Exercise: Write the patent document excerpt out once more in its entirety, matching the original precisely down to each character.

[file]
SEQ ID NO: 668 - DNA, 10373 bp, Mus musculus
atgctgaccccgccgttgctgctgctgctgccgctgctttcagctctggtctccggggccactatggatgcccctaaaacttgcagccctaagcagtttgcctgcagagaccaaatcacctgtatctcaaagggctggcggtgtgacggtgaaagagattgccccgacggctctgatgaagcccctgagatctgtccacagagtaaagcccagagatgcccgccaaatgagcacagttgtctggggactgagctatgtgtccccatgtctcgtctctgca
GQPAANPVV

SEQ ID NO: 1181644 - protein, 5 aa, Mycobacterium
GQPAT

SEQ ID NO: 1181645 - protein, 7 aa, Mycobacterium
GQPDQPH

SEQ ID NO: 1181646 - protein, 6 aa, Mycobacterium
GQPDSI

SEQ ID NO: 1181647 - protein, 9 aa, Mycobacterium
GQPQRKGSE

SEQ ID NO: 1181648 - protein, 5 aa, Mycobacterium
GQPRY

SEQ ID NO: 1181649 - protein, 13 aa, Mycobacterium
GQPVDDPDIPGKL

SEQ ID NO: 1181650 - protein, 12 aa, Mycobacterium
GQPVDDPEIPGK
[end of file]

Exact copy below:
SEQ ID NO: 668 - DNA, 10373 bp, Mus musculus
atgctgaccccgccgttgctgctgctgctgccgctgctttcagctctggtctccggggccactatggatgcccctaaaacttgcagccctaagcagtttgcctgcagagaccaaatcacctgtatctcaaagggctggcggtgtgacggtgaaagagattgccccgacggctctgatgaagcccctgagatctgtccacagagtaaagcccagagatgcccgccaaatgagcacagttgtctggggactgagctatgtgtccccatgtctcgtctctgca
GQPAANPVV

SEQ ID NO: 1181644 - protein, 5 aa, Mycobacterium
GQPAT

SEQ ID NO: 1181645 - protein, 7 aa, Mycobacterium
GQPDQPH

SEQ ID NO: 1181646 - protein, 6 aa, Mycobacterium
GQPDSI

SEQ ID NO: 1181647 - protein, 9 aa, Mycobacterium
GQPQRKGSE

SEQ ID NO: 1181648 - protein, 5 aa, Mycobacterium
GQPRY

SEQ ID NO: 1181649 - protein, 13 aa, Mycobacterium
GQPVDDPDIPGKL

SEQ ID NO: 1181650 - protein, 12 aa, Mycobacterium
GQPVDDPEIPGK